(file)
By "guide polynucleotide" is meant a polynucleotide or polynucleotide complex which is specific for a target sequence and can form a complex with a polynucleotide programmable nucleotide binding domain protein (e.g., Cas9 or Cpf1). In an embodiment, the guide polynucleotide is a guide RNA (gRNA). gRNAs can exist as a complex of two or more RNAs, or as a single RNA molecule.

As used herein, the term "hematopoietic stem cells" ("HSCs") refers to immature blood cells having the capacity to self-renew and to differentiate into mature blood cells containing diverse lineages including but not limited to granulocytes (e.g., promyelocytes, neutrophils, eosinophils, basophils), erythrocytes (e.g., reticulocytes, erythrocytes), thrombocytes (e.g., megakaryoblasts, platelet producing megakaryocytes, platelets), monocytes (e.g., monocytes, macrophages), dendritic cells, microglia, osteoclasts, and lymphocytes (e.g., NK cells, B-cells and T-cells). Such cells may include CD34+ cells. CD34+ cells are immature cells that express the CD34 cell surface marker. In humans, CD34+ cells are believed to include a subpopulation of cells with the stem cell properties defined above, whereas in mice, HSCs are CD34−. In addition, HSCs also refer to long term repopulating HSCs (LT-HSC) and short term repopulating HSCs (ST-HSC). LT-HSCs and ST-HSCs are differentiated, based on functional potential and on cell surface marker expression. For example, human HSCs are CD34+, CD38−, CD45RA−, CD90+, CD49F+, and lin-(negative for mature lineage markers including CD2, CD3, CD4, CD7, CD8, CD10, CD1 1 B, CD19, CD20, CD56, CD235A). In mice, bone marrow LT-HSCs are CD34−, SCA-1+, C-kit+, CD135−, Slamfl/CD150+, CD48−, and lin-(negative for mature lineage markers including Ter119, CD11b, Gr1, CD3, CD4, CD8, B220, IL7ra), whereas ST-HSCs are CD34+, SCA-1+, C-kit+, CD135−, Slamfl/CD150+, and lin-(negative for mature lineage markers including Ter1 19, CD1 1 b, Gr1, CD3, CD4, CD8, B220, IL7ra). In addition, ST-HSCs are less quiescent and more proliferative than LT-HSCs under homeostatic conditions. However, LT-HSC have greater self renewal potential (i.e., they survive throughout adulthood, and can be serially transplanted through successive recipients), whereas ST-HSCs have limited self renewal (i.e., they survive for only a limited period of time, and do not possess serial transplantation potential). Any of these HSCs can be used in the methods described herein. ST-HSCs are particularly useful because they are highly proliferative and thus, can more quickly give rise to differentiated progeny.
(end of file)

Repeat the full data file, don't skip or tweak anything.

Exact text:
By "guide polynucleotide" is meant a polynucleotide or polynucleotide complex which is specific for a target sequence and can form a complex with a polynucleotide programmable nucleotide binding domain protein (e.g., Cas9 or Cpf1). In an embodiment, the guide polynucleotide is a guide RNA (gRNA). gRNAs can exist as a complex of two or more RNAs, or as a single RNA molecule.

As used herein, the term "hematopoietic stem cells" ("HSCs") refers to immature blood cells having the capacity to self-renew and to differentiate into mature blood cells containing diverse lineages including but not limited to granulocytes (e.g., promyelocytes, neutrophils, eosinophils, basophils), erythrocytes (e.g., reticulocytes, erythrocytes), thrombocytes (e.g., megakaryoblasts, platelet producing megakaryocytes, platelets), monocytes (e.g., monocytes, macrophages), dendritic cells, microglia, osteoclasts, and lymphocytes (e.g., NK cells, B-cells and T-cells). Such cells may include CD34+ cells. CD34+ cells are immature cells that express the CD34 cell surface marker. In humans, CD34+ cells are believed to include a subpopulation of cells with the stem cell properties defined above, whereas in mice, HSCs are CD34−. In addition, HSCs also refer to long term repopulating HSCs (LT-HSC) and short term repopulating HSCs (ST-HSC). LT-HSCs and ST-HSCs are differentiated, based on functional potential and on cell surface marker expression. For example, human HSCs are CD34+, CD38−, CD45RA−, CD90+, CD49F+, and lin-(negative for mature lineage markers including CD2, CD3, CD4, CD7, CD8, CD10, CD1 1 B, CD19, CD20, CD56, CD235A). In mice, bone marrow LT-HSCs are CD34−, SCA-1+, C-kit+, CD135−, Slamfl/CD150+, CD48−, and lin-(negative for mature lineage markers including Ter119, CD11b, Gr1, CD3, CD4, CD8, B220, IL7ra), whereas ST-HSCs are CD34+, SCA-1+, C-kit+, CD135−, Slamfl/CD150+, and lin-(negative for mature lineage markers including Ter1 19, CD1 1 b, Gr1, CD3, CD4, CD8, B220, IL7ra). In addition, ST-HSCs are less quiescent and more proliferative than LT-HSCs under homeostatic conditions. However, LT-HSC have greater self renewal potential (i.e., they survive throughout adulthood, and can be serially transplanted through successive recipients), whereas ST-HSCs have limited self renewal (i.e., they survive for only a limited period of time, and do not possess serial transplantation potential). Any of these HSCs can be used in the methods described herein. ST-HSCs are particularly useful because they are highly proliferative and thus, can more quickly give rise to differentiated progeny.